Georg Philipp Telemann

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Georg Philipp Telemann
Born24 March 1681
Died25 June 1767(1767-06-25) (aged 86)

Georg Philipp Telemann (14 March 1681 – 25 June 1767) was a German baroque composer. He wrote more than 3,000 pieces of music, many of which were published. As publishing cost much money at that time, this was quite unusual. He mostly taught himself musically and knew how to play 10 instruments. During his life people thought he was one of the greatest composers. He also wrote lots of church music, most of which is not common today.

Life[change | change source]

Early life[change | change source]

Telemann was born in Magdeburg. His father died when he was four years old. He studied music with an organist for two weeks. He wrote his first opera at the age of 12. However, his mother did not want him to become a musician. So, she took away his instruments. She did not let Telemann write music. Telemann continued to play and write music secretly.[1] His mother sent him to a school in Zellerfeld. She hoped that Telemann would lose his interests in music. Even so, Telemann continued to write and study music. He learned how to play the figured bass himself. He wrote music for school events. He also wrote church music.[2] After studying in Zellerfeld for four years, he went to study in Hildesheim.[3]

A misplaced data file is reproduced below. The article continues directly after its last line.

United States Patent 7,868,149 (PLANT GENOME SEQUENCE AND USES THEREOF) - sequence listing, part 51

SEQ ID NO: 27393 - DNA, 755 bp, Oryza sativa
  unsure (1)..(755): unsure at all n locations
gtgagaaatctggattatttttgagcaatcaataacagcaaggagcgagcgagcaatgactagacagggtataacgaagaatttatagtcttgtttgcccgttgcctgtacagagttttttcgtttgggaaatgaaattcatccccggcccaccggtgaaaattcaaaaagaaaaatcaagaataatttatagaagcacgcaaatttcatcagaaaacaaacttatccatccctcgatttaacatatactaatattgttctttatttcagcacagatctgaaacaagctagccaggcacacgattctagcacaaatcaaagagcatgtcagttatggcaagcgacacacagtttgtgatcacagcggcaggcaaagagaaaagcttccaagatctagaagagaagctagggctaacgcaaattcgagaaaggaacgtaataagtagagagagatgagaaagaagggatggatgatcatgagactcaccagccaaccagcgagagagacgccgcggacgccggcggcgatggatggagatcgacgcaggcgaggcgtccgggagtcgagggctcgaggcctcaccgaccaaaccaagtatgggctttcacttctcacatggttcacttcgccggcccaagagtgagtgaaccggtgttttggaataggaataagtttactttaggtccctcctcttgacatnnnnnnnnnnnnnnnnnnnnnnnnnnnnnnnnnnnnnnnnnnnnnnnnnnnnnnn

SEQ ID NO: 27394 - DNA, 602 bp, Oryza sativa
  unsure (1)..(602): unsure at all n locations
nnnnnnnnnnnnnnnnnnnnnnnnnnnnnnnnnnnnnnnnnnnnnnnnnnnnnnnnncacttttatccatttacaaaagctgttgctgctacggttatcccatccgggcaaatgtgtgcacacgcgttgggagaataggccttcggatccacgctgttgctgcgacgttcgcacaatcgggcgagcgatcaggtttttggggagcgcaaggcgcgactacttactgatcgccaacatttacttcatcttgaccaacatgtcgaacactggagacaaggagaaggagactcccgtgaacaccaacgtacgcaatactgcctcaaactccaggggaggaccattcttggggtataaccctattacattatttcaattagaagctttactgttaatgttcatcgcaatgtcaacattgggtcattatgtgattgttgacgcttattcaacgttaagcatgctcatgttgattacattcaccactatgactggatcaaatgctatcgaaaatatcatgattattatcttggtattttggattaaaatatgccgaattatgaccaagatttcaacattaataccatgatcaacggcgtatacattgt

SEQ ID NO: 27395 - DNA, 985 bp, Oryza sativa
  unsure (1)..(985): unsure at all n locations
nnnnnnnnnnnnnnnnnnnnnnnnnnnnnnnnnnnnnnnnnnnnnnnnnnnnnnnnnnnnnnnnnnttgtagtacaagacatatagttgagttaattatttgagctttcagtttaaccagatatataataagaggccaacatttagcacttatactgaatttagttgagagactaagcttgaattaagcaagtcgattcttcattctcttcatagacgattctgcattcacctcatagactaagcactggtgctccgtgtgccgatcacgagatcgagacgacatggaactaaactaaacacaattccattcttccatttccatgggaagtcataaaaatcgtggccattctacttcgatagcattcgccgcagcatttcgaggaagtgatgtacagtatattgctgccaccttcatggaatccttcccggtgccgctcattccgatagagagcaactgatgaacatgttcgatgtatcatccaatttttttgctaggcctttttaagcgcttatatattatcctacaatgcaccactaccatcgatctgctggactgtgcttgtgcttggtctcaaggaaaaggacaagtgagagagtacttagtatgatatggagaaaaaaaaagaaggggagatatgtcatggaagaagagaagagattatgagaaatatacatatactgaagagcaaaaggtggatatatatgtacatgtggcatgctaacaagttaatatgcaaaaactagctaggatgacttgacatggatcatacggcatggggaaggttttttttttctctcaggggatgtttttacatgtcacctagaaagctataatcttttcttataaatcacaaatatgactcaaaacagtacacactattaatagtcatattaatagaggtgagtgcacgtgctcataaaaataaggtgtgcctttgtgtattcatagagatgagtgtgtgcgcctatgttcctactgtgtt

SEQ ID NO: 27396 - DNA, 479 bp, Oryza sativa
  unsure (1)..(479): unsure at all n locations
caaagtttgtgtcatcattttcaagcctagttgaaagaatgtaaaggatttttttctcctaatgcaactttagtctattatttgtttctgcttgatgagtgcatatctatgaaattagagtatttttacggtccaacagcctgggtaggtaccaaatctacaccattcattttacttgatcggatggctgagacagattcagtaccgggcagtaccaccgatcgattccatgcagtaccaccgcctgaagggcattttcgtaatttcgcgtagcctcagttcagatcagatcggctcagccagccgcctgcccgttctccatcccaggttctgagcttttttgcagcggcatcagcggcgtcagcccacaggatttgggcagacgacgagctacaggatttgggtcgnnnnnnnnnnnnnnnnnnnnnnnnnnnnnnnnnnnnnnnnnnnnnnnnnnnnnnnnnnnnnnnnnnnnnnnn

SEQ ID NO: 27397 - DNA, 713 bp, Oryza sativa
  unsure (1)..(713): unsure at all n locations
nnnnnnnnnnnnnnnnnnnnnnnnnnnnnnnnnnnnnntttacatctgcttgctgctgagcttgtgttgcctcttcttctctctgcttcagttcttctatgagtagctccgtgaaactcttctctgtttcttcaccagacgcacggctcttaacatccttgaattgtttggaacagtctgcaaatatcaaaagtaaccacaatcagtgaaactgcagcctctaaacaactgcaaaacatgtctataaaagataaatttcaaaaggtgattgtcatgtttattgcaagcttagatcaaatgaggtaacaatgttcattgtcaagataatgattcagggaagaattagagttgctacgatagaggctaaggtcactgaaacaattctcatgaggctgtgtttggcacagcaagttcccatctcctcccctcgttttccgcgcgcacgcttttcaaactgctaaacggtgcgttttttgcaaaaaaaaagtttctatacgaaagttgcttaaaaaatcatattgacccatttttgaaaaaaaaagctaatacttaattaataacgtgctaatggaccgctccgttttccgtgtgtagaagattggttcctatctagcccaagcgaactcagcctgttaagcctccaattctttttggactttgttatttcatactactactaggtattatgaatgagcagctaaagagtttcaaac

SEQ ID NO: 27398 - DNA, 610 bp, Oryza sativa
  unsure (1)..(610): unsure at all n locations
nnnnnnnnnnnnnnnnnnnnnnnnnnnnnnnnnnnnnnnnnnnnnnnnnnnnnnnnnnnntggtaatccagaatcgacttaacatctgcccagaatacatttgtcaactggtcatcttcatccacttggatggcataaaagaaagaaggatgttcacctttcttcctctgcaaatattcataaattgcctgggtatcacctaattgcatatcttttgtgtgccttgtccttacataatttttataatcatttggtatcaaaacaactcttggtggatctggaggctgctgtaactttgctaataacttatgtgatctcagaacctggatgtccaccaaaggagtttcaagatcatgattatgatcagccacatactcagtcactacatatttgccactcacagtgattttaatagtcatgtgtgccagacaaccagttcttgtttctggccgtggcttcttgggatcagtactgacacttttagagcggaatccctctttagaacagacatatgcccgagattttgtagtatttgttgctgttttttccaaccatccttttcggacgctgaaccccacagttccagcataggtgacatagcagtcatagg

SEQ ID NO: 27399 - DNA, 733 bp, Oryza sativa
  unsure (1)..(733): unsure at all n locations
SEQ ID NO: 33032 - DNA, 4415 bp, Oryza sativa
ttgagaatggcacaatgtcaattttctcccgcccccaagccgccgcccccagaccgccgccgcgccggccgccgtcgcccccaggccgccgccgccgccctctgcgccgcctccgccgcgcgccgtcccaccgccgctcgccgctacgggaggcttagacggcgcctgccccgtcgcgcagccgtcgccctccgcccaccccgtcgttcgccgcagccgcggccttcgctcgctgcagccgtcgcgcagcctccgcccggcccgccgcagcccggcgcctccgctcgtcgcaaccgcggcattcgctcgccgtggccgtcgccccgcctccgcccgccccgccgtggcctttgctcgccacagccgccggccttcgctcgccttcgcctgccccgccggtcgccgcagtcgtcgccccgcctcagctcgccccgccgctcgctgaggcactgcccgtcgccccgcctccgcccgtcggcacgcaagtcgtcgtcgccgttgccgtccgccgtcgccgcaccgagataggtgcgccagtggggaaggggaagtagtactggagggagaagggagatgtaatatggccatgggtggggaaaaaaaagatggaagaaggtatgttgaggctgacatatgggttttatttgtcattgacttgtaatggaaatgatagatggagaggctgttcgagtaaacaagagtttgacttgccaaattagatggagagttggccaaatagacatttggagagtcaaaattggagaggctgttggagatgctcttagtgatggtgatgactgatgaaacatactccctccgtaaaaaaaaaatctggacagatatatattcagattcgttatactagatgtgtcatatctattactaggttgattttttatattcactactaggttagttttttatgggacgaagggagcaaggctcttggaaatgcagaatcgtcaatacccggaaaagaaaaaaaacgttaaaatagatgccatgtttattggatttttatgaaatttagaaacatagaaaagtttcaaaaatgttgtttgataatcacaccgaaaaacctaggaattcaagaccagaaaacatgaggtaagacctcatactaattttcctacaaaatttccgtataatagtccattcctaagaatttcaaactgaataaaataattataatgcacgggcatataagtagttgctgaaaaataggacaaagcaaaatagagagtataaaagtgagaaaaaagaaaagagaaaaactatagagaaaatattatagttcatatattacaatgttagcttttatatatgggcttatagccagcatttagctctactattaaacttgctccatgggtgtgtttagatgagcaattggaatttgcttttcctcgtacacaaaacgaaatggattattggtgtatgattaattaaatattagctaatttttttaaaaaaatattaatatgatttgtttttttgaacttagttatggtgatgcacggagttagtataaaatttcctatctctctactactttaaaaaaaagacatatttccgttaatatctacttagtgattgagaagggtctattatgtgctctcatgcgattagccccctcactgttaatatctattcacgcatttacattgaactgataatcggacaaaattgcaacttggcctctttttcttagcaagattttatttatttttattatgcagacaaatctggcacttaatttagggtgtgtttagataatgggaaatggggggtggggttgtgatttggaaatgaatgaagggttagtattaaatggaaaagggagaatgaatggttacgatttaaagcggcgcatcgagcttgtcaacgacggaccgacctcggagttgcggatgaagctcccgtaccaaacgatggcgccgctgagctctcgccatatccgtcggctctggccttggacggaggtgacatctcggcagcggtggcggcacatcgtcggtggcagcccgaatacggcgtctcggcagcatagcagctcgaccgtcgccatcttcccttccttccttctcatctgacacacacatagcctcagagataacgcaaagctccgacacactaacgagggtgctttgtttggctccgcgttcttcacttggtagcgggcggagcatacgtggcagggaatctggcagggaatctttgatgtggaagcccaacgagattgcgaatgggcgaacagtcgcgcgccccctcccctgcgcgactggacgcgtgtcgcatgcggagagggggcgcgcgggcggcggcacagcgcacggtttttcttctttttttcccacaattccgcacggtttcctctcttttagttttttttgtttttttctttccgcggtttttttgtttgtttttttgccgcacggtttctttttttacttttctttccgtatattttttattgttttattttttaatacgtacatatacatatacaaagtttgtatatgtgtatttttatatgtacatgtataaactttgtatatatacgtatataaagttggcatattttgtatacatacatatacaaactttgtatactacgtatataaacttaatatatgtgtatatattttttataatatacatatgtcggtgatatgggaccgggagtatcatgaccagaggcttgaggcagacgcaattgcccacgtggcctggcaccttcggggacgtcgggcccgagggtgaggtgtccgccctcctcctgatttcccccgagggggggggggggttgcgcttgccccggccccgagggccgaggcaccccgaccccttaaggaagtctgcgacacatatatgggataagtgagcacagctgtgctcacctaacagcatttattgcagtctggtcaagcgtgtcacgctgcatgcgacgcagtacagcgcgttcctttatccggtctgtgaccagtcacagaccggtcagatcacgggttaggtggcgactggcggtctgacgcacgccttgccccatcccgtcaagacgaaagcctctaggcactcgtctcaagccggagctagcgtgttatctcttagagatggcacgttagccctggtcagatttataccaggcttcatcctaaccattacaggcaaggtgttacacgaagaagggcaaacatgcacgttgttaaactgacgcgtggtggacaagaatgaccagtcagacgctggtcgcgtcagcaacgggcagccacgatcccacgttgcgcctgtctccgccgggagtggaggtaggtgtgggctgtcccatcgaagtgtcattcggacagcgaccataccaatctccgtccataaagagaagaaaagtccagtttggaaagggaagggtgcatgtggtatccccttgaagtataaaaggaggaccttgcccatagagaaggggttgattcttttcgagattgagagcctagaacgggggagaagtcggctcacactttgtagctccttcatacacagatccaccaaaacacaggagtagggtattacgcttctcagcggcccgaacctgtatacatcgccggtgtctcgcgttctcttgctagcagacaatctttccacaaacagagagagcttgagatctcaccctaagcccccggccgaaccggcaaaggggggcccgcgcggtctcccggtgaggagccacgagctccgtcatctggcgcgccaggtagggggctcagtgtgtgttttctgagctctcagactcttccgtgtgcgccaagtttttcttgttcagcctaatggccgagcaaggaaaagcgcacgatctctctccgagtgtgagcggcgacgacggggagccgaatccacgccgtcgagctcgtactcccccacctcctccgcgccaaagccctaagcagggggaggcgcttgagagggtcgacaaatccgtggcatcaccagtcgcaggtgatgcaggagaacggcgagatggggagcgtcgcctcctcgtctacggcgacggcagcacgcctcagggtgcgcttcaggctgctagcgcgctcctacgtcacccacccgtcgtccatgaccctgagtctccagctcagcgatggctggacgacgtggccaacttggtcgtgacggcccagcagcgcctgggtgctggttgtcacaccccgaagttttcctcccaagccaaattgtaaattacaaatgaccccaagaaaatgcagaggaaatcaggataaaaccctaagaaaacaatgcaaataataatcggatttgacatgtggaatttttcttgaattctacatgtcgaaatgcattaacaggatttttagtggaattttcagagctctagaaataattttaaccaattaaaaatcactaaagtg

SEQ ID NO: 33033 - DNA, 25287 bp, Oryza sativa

Leipzig[change | change source]

After Telemann graduated, he gave up music. He went to Leipzig to study law. One day, his friend found a piece of Telemann's music. It was a setting of the sixth Psalm. It was soon performed in the Thomaskirche. The mayor of Leipzig heard the performance. He asked Telemann to write church music for the two churches in Leipzig, the Thomaskirche and Nikolaikirche. So, Telemann went back to writing music.[1] He became the director of the Leipzig Opera in 1702. He was chosen to become the organist of the Neukirche.[3]

Telemann founded a collegium musicum in Leipzig. The collegium was a group of students who loved music. On Sundays they performed Telemann's church music. They also performed in coffee houses and for noblemen.[2] The cantor of the Thomaskirche, Johann Kuhnau did not like that his students joined the Collegium.[1]

Telemann left Leipzig in 1705. He became the Kapellmeister in the court of Sorau. He worked for Count Erdmann II of Promnitz. The count loved French music. So, Telemann had to write music in the French style.[4] Many musicians were fired by the count. Even so, Telemann was not fired. He left Sorau when Sweden attacked the town in 1706.[1]

Eisenach and Frankfurt[change | change source]

Telemann went to work in Eisenach, the birthplace of Johann Sebastian Bach. He was a Konzertmeister. His job was writing music and playing the violin. He also wrote church cantatas. Telemann returned to Sorau to marry Amalie Louise Juliane Eberlin. She was the daughter of Daniel Eberlin, a composer. She died in 1711 after giving birth to their daughter. Telemann soon left Eisenach.[2]